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Attack the Block Director On Making the King Arthur Film He Always Wanted

The Kid Who Would Be King, the new fantasy adventure from Attack the Block writer/director Joe Cornish, tells the story of a boy who turns out to be the inheritor of the legendary sword Excalibur. It's the movie that Cornish, who co-wrote Marvel's Ant-Man, has wanted to make his entire life.

CBR spoke with Cornish about the movie, in theaters this weekend, about bringing Arthurian legend into the 21st century while forging his own story.

 

The Kid Who Would Be King isn't merely a reinterpretation of classic tales, with a bullied English schoolboy who finds Excalibur and rallies a new Round Table to save the world, but instead a transformation of the myth, with children inheriting a grim world. That emphasis on young characters was crucial for the filmmaker.

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"I liked the idea of kids seeing movies with kids in them," Cornish said, "with kids their own age in it. When I was a kid in the '80s, I was sort of the same age as Henry Thomas in E.T., I was kind of the same age as the kid in The Black Stallion when I saw The Black Stallion. And that's kind of missing from movies at the moment. When kids go to the movies now, they either see CGI characters with tiny legs and big heads or talking dogs, or they see Benedict Cumberbatch dressed in tights. So I really kind of miss movies for kids, about kids. Attack the Block was very much a movie aimed at older teenagers, and this is a movie aimed at pre-teens and younger teenagers. So in both movies I've tried to put the audience in the movie."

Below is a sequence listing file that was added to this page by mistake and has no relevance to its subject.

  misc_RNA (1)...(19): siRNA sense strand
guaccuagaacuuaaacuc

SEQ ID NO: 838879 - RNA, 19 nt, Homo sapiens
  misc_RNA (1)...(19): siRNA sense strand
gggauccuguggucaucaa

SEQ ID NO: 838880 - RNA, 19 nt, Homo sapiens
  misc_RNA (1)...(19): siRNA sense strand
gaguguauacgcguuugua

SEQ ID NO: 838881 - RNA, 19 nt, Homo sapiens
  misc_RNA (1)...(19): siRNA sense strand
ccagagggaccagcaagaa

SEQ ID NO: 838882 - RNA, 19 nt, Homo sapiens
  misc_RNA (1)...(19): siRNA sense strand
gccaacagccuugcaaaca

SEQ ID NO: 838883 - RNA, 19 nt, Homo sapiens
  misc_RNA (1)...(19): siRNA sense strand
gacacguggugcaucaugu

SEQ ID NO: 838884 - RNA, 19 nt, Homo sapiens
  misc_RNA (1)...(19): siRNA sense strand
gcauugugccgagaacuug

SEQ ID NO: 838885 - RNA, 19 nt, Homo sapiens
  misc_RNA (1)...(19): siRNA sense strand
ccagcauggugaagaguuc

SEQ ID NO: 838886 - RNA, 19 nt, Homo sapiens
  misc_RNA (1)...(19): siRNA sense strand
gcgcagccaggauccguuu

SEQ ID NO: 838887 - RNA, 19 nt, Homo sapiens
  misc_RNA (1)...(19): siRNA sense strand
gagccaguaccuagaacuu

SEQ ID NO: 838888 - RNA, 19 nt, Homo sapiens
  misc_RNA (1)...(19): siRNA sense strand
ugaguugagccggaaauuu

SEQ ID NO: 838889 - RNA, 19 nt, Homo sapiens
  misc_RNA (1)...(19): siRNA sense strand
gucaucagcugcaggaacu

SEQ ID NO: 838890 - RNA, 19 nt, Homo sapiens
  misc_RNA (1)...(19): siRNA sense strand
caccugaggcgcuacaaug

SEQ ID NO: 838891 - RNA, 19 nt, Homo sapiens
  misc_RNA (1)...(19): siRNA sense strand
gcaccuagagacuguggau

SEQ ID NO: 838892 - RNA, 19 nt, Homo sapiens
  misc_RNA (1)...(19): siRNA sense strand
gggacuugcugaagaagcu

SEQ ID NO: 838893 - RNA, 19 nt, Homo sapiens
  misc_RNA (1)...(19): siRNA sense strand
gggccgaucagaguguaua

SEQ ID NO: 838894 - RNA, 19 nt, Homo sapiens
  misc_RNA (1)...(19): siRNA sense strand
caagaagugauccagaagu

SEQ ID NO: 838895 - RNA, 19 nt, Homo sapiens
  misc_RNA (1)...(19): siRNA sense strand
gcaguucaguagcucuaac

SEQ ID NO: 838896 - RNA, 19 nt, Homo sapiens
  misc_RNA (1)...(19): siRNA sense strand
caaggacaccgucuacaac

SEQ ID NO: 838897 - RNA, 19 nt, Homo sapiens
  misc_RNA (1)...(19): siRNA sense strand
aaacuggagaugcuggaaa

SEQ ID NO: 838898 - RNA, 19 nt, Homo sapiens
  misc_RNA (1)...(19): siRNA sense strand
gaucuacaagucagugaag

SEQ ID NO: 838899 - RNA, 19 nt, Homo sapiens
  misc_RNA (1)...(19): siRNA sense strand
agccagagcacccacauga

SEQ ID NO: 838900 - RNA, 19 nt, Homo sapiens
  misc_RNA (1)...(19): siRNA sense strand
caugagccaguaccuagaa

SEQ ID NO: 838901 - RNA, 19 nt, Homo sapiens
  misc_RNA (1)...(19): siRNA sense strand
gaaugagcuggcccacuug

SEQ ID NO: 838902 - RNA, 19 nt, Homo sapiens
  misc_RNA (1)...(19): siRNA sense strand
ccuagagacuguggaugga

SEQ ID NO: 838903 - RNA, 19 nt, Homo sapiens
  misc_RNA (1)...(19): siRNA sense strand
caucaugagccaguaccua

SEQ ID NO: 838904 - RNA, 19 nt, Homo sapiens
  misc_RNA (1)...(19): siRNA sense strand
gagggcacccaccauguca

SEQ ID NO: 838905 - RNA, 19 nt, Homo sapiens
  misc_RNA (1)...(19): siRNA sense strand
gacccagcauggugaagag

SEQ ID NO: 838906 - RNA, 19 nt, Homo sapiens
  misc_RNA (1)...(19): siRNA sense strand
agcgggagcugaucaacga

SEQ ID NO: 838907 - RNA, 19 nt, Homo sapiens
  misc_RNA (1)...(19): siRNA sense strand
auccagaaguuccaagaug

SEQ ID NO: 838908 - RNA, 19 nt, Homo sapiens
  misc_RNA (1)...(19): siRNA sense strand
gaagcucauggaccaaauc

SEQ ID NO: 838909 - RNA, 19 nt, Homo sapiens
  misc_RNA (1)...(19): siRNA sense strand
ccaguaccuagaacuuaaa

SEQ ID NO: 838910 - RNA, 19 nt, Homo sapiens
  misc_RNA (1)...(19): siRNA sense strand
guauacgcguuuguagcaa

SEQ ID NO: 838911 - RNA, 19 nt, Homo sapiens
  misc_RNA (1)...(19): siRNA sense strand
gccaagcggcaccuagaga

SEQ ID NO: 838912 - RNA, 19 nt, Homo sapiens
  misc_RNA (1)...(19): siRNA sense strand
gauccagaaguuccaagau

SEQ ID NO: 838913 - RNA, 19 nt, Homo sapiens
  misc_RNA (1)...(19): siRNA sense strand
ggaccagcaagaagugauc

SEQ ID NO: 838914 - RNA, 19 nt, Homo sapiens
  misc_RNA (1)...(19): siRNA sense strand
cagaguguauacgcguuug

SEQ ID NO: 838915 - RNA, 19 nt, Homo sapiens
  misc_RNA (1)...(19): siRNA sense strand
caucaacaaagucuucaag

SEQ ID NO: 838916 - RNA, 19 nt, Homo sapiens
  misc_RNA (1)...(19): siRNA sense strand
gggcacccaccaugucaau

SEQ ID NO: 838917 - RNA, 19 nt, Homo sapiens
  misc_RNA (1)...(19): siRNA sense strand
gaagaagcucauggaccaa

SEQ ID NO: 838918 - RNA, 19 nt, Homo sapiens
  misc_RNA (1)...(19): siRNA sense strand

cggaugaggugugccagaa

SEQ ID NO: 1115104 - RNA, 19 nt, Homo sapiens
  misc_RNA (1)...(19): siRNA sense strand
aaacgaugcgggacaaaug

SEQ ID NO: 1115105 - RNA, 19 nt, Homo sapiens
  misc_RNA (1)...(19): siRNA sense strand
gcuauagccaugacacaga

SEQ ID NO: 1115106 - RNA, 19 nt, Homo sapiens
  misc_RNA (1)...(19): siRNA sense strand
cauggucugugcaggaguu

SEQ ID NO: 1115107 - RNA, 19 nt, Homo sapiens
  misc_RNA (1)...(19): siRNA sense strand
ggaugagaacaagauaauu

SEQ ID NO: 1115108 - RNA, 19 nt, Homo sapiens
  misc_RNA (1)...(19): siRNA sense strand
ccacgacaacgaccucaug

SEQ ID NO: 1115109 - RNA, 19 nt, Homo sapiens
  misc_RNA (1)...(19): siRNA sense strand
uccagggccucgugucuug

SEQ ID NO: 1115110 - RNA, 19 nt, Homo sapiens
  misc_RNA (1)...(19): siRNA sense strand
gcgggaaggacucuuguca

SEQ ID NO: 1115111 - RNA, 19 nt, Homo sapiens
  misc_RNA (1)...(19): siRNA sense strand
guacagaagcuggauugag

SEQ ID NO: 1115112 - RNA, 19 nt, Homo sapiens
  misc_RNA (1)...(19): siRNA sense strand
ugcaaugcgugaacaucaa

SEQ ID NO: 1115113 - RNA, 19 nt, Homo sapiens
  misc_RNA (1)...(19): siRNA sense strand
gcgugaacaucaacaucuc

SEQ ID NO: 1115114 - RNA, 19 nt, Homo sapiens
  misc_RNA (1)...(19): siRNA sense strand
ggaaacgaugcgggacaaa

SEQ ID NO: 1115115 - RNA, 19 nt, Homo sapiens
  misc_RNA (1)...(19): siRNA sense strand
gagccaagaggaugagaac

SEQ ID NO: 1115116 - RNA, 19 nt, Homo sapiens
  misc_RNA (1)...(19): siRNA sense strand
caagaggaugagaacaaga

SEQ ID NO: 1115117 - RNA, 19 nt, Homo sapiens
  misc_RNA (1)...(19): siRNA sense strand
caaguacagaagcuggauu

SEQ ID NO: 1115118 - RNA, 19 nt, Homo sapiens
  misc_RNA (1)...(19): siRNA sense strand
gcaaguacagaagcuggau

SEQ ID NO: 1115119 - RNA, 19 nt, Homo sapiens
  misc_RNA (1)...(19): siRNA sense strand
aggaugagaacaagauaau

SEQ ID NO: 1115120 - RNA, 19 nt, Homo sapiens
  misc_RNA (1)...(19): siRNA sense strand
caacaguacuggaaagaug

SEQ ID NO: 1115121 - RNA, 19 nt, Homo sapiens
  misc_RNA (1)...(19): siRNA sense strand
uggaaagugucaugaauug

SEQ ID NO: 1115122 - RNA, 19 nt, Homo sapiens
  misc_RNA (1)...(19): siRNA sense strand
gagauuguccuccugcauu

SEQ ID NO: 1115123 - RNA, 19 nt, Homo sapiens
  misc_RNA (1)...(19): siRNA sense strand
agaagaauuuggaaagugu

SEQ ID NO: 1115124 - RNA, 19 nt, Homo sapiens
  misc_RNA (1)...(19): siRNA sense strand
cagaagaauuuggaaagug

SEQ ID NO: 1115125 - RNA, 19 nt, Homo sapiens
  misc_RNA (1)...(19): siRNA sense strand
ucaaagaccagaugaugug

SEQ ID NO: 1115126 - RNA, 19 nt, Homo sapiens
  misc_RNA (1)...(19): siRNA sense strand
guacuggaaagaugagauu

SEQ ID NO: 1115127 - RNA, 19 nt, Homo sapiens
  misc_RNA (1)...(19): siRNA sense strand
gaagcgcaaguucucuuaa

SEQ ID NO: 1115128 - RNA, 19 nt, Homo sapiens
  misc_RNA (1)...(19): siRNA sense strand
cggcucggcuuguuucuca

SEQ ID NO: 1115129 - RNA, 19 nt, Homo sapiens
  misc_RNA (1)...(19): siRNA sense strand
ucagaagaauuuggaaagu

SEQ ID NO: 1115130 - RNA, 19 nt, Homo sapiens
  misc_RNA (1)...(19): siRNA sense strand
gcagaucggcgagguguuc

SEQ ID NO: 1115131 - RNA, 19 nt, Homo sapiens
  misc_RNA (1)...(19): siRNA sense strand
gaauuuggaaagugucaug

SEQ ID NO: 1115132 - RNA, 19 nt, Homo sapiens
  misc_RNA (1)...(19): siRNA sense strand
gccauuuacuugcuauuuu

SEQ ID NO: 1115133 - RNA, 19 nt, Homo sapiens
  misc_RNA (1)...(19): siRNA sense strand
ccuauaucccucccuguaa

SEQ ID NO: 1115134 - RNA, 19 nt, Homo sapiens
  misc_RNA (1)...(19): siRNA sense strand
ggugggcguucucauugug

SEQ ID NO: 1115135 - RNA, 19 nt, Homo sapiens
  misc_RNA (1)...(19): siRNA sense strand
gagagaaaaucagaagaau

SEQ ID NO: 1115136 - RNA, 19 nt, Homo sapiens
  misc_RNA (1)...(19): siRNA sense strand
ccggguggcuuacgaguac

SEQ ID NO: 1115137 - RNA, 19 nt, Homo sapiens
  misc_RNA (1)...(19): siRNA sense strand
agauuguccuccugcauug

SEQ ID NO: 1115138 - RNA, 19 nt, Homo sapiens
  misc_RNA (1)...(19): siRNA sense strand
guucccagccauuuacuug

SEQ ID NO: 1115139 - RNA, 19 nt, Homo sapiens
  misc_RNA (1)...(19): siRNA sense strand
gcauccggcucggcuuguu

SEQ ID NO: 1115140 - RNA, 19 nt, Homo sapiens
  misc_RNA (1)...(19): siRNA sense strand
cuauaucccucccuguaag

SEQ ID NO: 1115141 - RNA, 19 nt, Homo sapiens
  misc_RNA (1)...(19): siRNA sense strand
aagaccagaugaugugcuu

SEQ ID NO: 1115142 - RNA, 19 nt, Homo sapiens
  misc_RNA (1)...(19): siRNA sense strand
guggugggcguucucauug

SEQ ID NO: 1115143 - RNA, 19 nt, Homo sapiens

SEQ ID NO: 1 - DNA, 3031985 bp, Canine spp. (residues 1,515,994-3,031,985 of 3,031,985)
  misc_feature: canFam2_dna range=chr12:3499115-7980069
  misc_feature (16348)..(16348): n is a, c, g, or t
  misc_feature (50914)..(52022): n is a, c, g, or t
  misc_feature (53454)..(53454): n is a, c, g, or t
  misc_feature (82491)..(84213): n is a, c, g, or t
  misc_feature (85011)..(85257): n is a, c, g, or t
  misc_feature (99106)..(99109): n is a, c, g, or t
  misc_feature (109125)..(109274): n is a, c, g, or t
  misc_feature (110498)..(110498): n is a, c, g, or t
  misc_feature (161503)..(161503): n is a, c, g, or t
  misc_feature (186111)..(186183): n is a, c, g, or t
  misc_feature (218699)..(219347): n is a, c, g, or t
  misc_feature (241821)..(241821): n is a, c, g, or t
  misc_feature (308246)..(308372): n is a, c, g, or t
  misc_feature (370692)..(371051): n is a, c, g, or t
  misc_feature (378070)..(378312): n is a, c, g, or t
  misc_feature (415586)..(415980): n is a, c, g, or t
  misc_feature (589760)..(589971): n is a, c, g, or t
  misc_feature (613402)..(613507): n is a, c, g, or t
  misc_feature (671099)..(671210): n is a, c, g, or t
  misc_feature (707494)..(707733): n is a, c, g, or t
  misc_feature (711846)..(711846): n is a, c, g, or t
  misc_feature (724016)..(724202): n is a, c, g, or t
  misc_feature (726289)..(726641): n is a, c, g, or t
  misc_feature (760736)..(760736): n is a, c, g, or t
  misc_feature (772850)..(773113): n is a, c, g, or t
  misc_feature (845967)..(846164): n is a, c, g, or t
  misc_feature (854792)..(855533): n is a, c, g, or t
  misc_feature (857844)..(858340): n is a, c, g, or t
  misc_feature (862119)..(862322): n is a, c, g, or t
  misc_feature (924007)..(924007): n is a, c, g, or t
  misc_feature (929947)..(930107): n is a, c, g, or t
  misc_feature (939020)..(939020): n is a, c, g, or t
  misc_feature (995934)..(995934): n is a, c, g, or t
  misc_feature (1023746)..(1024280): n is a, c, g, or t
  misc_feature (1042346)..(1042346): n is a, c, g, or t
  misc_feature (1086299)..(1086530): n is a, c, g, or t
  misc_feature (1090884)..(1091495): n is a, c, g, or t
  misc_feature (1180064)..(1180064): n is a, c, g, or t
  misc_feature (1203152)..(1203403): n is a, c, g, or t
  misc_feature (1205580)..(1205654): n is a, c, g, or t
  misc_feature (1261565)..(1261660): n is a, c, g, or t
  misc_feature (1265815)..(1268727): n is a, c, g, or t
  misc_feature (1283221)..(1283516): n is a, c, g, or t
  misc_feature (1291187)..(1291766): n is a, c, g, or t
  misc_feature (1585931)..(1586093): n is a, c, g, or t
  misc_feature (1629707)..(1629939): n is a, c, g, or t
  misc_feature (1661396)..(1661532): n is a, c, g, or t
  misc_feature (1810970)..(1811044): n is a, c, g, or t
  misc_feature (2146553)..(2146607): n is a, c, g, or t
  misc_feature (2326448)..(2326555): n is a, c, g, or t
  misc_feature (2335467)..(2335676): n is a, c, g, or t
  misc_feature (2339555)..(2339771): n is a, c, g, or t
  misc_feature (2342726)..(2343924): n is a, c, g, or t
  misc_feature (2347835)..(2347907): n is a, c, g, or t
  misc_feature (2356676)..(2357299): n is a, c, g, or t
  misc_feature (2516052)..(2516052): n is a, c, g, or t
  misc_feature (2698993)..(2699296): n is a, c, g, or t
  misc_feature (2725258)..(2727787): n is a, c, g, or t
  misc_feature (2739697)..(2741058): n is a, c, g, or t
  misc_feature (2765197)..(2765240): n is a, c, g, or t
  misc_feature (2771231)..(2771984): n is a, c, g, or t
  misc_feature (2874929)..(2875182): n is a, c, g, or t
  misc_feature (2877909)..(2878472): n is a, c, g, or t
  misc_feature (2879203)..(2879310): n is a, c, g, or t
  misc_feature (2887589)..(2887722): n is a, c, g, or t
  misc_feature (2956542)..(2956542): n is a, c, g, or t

While tales of the Round Table are filled with a host of characters, Cornish zeroed in on new versions of Arthur, now the young but courageous Alex, and just three of his knights: Beivere becomes Bedders, Lancelot becomes Lance, and Kay becomes Kaye.

"Yeah, well there are lots of other knights. There's Sir Gawain and Percival, I mean there's a bunch of them really," the filmmaker explained. "But to be perfectly honest, these were the names that were most easily translatable to contemporary names. It was as simple as that."